* along with sanity; if not, write to the Free Software
 * Foundation, Inc., 51 Franklin St, Fifth Floor, Boston, MA  02110-1301  USA
 */

#include <stdio.h>

#define SRAM_SIZE 0x2000
#define SANITY_OFFSET 0x1900

#define GAME_SIZE 0x200
#define GAME_OFFSET 0x1A00

static const unsigned char SANITY_XORS[] = {
    0x55, 0xAA, 0x33, 0xCC,
    0xA5, 0x5A, 0xBB, 0x99
};

unsigned char getSanity(const char *game) {
    int counter = 0;
    int offset;
    unsigned char sanity = 0;
    
    /* For every byte $001 to $1FF, do the following */
    for (offset = 1; offset < GAME_SIZE; offset++) {
        /* XOR the number with one of the following numbers */
        char xor = (game[offset] ^ SANITY_XORS[counter]);
        
        /* Add the XORed value to the sanity value */
        sanity += xor;
        
        /* If the sanity value exceeds $FF, drop the higher numbers */
        /* this is done automatically since our sanity value is a char */
        
        /* increment the counter */
        counter++;
        
        /* if the counter > 7, set the counter to 0 */
        counter &= 0x7;
        
        /* repeat steps 1-5 for each byte */
    }
    
    return sanity;
}

int main(int argc, char *argv[]) {
    FILE *f;
    char sram[SRAM_SIZE], *game;
    int game_number;
    unsigned char primary, first, second;
    
    /* check for the SRAM argument */
    if (argc != 2) {
        fprintf(stderr, "syntax: sanity ultima_sram_file\n");
        fprintf(stderr, "example: sanity ultima.sav\n");
        
        return -1;
    }
    
    /* make sure we can open the file for reading */
    if ((f = fopen(argv[1], "rb")) == NULL) {
        fprintf(stderr, "error: unable to open %s for reading.\n", argv[1]);
        
        return -1;
    }
    
    /* make sure we were able to read a full SRAM file */
    if (fread(sram, SRAM_SIZE, 1, f) != 1) {
        fprintf(stderr, "error: unable to read SRAM file data.\n");
        fclose(f);
        
        return -1;
    }
    
    fclose(f);
    
    /* print the three sanity values for each game */
    for (game_number = 0; game_number < 3; game_number++) {
        /* find the game data within the SRAM */
        game = (sram + GAME_OFFSET + (game_number * GAME_SIZE));
        
        /* generate sanity values */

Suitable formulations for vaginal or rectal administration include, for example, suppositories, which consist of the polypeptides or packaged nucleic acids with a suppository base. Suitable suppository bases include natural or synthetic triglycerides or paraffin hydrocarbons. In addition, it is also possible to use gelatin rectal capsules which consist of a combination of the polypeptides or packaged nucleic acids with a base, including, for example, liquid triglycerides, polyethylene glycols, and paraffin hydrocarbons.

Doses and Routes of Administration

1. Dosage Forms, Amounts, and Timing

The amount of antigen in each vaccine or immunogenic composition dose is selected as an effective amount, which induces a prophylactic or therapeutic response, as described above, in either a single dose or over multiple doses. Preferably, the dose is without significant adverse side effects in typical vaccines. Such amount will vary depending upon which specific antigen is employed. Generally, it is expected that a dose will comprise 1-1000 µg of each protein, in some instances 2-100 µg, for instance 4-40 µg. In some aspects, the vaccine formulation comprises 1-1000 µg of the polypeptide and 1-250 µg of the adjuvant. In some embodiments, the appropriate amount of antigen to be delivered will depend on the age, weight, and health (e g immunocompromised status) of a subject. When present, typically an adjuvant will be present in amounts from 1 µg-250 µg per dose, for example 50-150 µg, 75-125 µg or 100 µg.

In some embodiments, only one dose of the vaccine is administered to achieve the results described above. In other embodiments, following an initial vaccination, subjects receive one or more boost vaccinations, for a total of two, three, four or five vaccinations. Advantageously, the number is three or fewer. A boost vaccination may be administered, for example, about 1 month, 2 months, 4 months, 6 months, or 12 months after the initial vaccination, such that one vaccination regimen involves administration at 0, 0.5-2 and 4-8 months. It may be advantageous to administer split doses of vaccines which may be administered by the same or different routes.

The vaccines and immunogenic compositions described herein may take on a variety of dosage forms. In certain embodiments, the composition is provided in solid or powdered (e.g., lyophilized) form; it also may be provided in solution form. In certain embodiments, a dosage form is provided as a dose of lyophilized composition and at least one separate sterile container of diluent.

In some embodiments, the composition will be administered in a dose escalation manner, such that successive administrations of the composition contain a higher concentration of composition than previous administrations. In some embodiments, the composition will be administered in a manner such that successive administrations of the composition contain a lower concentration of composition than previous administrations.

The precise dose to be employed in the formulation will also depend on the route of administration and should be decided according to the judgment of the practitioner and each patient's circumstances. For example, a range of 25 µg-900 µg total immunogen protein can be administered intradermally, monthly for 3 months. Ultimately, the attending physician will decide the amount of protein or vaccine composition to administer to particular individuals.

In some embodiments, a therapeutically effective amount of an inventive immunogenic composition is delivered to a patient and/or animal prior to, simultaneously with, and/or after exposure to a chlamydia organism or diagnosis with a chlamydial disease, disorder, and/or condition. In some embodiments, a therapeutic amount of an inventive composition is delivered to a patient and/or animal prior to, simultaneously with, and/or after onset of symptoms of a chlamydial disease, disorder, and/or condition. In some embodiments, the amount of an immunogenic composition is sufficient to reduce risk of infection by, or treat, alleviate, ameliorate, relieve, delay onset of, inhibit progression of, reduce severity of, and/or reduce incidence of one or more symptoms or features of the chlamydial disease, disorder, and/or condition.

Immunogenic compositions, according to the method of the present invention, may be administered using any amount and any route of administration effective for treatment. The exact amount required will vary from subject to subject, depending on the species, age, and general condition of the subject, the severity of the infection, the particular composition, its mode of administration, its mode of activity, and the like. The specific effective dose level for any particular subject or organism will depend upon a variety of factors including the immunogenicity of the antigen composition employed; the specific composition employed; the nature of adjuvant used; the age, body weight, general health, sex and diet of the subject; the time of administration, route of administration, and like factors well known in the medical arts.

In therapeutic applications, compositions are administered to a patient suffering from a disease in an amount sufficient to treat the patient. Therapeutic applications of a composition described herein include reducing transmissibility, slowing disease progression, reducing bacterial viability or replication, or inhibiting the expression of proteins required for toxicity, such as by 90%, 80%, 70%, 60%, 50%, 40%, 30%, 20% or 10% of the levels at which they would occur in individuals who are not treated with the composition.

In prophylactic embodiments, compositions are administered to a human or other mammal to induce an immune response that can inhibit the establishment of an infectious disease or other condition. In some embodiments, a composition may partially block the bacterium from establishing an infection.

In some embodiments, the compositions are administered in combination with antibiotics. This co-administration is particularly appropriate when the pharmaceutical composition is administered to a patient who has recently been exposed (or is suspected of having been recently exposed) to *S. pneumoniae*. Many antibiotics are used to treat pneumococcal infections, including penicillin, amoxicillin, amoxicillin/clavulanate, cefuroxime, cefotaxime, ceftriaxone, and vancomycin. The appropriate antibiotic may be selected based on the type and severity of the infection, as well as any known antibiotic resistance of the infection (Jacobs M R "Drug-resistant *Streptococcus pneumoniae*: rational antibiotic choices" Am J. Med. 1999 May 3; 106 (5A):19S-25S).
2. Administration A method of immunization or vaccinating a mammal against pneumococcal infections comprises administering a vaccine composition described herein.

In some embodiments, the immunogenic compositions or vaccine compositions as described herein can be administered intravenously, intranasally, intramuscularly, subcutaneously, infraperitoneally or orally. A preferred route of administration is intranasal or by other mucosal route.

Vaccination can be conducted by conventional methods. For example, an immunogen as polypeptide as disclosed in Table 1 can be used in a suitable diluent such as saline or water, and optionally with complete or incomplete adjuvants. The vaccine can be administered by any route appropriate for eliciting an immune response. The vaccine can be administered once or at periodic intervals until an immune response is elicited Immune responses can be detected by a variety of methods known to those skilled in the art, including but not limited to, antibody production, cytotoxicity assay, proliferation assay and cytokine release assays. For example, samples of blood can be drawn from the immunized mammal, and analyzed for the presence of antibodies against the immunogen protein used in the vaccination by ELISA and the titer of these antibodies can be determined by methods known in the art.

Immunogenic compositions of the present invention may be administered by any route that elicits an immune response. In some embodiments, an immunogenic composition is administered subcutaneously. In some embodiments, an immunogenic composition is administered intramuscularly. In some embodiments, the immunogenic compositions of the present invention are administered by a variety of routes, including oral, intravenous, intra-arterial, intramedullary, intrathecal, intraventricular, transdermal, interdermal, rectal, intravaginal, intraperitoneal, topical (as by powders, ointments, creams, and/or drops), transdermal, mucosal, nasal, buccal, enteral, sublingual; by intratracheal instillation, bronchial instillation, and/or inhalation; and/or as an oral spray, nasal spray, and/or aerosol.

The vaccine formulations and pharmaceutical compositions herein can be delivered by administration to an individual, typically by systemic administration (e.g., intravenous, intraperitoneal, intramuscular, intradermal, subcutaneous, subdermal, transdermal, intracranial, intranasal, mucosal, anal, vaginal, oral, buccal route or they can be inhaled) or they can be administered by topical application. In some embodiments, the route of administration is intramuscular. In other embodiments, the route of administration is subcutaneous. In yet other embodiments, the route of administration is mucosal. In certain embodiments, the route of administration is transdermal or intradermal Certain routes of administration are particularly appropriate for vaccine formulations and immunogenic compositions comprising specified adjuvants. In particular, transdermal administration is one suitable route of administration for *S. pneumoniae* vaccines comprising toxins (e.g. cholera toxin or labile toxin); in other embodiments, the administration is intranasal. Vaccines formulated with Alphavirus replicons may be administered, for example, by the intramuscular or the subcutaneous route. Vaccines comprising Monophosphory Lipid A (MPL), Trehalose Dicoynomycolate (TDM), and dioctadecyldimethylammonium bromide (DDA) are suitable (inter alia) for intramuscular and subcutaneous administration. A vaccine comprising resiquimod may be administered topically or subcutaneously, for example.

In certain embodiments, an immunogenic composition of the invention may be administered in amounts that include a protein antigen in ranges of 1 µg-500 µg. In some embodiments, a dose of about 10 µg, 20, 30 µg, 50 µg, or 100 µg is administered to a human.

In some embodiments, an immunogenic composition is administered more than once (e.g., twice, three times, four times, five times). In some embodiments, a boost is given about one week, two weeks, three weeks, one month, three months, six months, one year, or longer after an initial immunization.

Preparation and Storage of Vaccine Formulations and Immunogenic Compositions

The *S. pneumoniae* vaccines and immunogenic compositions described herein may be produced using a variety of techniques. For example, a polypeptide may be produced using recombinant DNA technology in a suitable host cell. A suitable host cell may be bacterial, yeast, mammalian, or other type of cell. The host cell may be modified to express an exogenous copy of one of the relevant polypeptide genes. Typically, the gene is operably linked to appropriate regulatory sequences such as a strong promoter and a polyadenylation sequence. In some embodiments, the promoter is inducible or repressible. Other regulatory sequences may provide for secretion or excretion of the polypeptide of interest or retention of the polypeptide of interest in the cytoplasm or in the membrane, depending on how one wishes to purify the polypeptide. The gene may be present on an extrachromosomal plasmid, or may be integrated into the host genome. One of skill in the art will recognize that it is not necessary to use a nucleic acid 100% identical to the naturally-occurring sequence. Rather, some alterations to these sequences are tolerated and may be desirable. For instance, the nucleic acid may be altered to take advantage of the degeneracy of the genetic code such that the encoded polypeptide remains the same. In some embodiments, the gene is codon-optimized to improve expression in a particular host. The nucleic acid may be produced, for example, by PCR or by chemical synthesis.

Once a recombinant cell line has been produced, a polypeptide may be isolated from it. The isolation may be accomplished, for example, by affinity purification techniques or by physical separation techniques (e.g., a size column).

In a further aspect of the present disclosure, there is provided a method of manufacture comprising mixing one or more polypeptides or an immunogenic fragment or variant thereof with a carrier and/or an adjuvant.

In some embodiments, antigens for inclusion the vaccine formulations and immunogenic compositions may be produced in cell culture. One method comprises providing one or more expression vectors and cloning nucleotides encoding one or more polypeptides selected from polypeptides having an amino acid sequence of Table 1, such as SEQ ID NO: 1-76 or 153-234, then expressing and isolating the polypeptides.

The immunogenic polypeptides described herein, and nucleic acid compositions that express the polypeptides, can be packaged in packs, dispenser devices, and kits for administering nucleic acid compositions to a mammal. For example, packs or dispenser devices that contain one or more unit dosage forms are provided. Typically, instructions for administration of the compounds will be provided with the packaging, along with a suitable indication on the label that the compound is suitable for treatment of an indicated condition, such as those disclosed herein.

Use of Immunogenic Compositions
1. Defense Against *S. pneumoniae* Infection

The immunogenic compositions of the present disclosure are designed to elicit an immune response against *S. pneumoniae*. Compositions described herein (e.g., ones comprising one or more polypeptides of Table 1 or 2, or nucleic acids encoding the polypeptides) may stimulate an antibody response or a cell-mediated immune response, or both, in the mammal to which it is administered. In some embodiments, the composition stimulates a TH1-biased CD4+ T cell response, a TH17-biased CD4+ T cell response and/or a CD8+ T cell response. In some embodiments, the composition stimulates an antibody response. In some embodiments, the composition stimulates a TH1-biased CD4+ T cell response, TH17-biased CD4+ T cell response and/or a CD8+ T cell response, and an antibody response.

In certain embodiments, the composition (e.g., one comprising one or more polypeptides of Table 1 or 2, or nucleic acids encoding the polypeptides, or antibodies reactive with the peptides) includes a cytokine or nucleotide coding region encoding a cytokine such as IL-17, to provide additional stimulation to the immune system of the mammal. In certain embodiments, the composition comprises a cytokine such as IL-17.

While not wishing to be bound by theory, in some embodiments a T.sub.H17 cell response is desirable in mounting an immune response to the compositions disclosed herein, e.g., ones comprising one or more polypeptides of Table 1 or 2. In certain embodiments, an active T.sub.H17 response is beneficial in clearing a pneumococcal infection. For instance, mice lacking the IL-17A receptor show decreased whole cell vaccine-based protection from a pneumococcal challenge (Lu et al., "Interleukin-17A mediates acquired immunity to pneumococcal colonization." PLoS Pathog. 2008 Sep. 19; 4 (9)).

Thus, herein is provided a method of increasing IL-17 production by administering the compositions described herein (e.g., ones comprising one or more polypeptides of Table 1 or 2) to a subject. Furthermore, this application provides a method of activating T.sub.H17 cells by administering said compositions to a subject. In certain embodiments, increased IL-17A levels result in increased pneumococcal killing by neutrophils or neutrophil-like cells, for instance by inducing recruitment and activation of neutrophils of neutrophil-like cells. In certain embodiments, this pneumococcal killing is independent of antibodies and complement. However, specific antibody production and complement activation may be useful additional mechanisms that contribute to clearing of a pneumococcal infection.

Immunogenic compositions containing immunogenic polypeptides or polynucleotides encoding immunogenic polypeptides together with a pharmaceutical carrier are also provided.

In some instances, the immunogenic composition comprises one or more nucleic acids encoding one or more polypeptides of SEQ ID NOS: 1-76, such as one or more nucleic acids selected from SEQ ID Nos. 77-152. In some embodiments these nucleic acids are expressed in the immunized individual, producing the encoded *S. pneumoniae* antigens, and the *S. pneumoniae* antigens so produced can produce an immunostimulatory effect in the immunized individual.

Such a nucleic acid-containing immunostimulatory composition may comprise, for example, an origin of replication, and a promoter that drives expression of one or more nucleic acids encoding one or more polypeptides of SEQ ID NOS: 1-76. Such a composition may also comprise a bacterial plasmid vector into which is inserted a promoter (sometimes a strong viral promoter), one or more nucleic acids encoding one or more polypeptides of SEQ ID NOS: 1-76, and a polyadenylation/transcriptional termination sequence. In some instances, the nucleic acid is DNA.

primary = getSanity(game);
        first = (primary ^ 0xAA);
        second = (primary ^ 0x55);
        
        /* alter the SRAM with the new sanity values */
        game[0] = primary;
        *(sram + SANITY_OFFSET + game_number) = primary;
        *(sram + SANITY_OFFSET + game_number + 3) = first;
        *(sram + SANITY_OFFSET + game_number + 6) = second;
        
        /* display those sanity values */
        printf("primtary sanity for game %d = $%02X\n", 
               (game_number + 1), (unsigned int)primary);
        printf("first sanity check for game %d = $%02X\n", 
               (game_number + 1), (unsigned int)first);
        printf("second sanity check for game %d = $%02X\n", 
               (game_number + 1), (unsigned int)second);
               
        if (game_number < 2) {
            printf("\n");
        }
    }
    
    /* write these values back to the save file */
    if ((f = fopen(argv[1], "wb")) == NULL) {
        fprintf(stderr, "error: unable to open %s for writing.\n", argv[1]);
        
        return -1;
    }
    
    if (fwrite(sram, SRAM_SIZE, 1, f) != 1) {
        fprintf(stderr, "error: unable to write SRAM file data.\n");
        fclose(f);
        
        return -1;
    }
    
    fclose(f);
    
    return 0;
}
-------------------------------- end sanity.c ----------------------------------

  Written in ANSI C and under the GNU GPL, it should compile under any platform.
  I have put up a windows binary at
  http://games.technoplaza.net/hack4u/sanity.zip
  
--------------------------------------------------------------------------------
| 7.0 Contact Information
--------------------------------------------------------------------------------

  The author, John Ratliff, can be contact at
  http://www.technoplaza.net/feedback.php.